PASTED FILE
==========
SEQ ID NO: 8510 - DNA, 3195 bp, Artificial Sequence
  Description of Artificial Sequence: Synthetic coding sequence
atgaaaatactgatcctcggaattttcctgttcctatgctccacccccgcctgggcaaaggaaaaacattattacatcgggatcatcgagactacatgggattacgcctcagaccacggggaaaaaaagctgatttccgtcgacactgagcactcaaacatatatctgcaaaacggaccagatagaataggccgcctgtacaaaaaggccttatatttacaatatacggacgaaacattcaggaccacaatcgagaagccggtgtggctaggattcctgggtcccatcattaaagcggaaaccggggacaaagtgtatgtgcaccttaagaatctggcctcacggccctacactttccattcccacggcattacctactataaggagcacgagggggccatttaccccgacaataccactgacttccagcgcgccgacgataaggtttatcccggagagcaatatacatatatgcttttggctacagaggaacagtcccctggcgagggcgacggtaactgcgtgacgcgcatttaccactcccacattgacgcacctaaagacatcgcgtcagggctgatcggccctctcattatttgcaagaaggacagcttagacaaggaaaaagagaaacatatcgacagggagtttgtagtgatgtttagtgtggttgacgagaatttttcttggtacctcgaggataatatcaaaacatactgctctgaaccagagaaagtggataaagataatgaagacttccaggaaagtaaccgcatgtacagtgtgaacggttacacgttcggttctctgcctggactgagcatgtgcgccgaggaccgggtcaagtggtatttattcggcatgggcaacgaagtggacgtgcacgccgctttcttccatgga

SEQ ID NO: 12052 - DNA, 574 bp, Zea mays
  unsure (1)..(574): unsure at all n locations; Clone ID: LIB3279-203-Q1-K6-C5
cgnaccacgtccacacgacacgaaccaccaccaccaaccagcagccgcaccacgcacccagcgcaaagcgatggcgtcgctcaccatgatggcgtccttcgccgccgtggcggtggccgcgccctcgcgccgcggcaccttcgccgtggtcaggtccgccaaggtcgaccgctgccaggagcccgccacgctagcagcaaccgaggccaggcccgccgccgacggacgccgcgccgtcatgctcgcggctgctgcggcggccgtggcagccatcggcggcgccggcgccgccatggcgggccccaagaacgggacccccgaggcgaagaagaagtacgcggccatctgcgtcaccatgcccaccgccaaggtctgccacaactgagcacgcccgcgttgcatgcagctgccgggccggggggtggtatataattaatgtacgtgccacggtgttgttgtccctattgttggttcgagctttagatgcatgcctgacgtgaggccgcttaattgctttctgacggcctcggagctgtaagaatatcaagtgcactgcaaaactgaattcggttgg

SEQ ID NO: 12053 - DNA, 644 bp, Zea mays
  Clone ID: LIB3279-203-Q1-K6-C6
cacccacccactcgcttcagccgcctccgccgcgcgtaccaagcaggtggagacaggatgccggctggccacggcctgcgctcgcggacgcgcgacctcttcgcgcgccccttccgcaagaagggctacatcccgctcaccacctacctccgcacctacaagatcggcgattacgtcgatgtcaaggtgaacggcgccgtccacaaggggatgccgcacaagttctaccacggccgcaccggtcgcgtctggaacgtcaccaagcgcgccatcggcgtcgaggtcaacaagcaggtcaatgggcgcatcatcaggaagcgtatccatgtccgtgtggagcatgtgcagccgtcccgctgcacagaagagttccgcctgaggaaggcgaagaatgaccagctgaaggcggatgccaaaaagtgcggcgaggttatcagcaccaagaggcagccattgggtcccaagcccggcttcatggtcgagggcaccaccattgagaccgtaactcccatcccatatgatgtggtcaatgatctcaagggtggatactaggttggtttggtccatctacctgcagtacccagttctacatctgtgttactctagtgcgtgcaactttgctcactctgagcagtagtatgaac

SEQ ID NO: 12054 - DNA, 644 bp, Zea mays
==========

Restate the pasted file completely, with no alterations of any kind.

SEQ ID NO: 8510 - DNA, 3195 bp, Artificial Sequence
  Description of Artificial Sequence: Synthetic coding sequence
atgaaaatactgatcctcggaattttcctgttcctatgctccacccccgcctgggcaaaggaaaaacattattacatcgggatcatcgagactacatgggattacgcctcagaccacggggaaaaaaagctgatttccgtcgacactgagcactcaaacatatatctgcaaaacggaccagatagaataggccgcctgtacaaaaaggccttatatttacaatatacggacgaaacattcaggaccacaatcgagaagccggtgtggctaggattcctgggtcccatcattaaagcggaaaccggggacaaagtgtatgtgcaccttaagaatctggcctcacggccctacactttccattcccacggcattacctactataaggagcacgagggggccatttaccccgacaataccactgacttccagcgcgccgacgataaggtttatcccggagagcaatatacatatatgcttttggctacagaggaacagtcccctggcgagggcgacggtaactgcgtgacgcgcatttaccactcccacattgacgcacctaaagacatcgcgtcagggctgatcggccctctcattatttgcaagaaggacagcttagacaaggaaaaagagaaacatatcgacagggagtttgtagtgatgtttagtgtggttgacgagaatttttcttggtacctcgaggataatatcaaaacatactgctctgaaccagagaaagtggataaagataatgaagacttccaggaaagtaaccgcatgtacagtgtgaacggttacacgttcggttctctgcctggactgagcatgtgcgccgaggaccgggtcaagtggtatttattcggcatgggcaacgaagtggacgtgcacgccgctttcttccatgga

SEQ ID NO: 12052 - DNA, 574 bp, Zea mays
  unsure (1)..(574): unsure at all n locations; Clone ID: LIB3279-203-Q1-K6-C5
cgnaccacgtccacacgacacgaaccaccaccaccaaccagcagccgcaccacgcacccagcgcaaagcgatggcgtcgctcaccatgatggcgtccttcgccgccgtggcggtggccgcgccctcgcgccgcggcaccttcgccgtggtcaggtccgccaaggtcgaccgctgccaggagcccgccacgctagcagcaaccgaggccaggcccgccgccgacggacgccgcgccgtcatgctcgcggctgctgcggcggccgtggcagccatcggcggcgccggcgccgccatggcgggccccaagaacgggacccccgaggcgaagaagaagtacgcggccatctgcgtcaccatgcccaccgccaaggtctgccacaactgagcacgcccgcgttgcatgcagctgccgggccggggggtggtatataattaatgtacgtgccacggtgttgttgtccctattgttggttcgagctttagatgcatgcctgacgtgaggccgcttaattgctttctgacggcctcggagctgtaagaatatcaagtgcactgcaaaactgaattcggttgg

SEQ ID NO: 12053 - DNA, 644 bp, Zea mays
  Clone ID: LIB3279-203-Q1-K6-C6
cacccacccactcgcttcagccgcctccgccgcgcgtaccaagcaggtggagacaggatgccggctggccacggcctgcgctcgcggacgcgcgacctcttcgcgcgccccttccgcaagaagggctacatcccgctcaccacctacctccgcacctacaagatcggcgattacgtcgatgtcaaggtgaacggcgccgtccacaaggggatgccgcacaagttctaccacggccgcaccggtcgcgtctggaacgtcaccaagcgcgccatcggcgtcgaggtcaacaagcaggtcaatgggcgcatcatcaggaagcgtatccatgtccgtgtggagcatgtgcagccgtcccgctgcacagaagagttccgcctgaggaaggcgaagaatgaccagctgaaggcggatgccaaaaagtgcggcgaggttatcagcaccaagaggcagccattgggtcccaagcccggcttcatggtcgagggcaccaccattgagaccgtaactcccatcccatatgatgtggtcaatgatctcaagggtggatactaggttggtttggtccatctacctgcagtacccagttctacatctgtgttactctagtgcgtgcaactttgctcactctgagcagtagtatgaac

SEQ ID NO: 12054 - DNA, 644 bp, Zea mays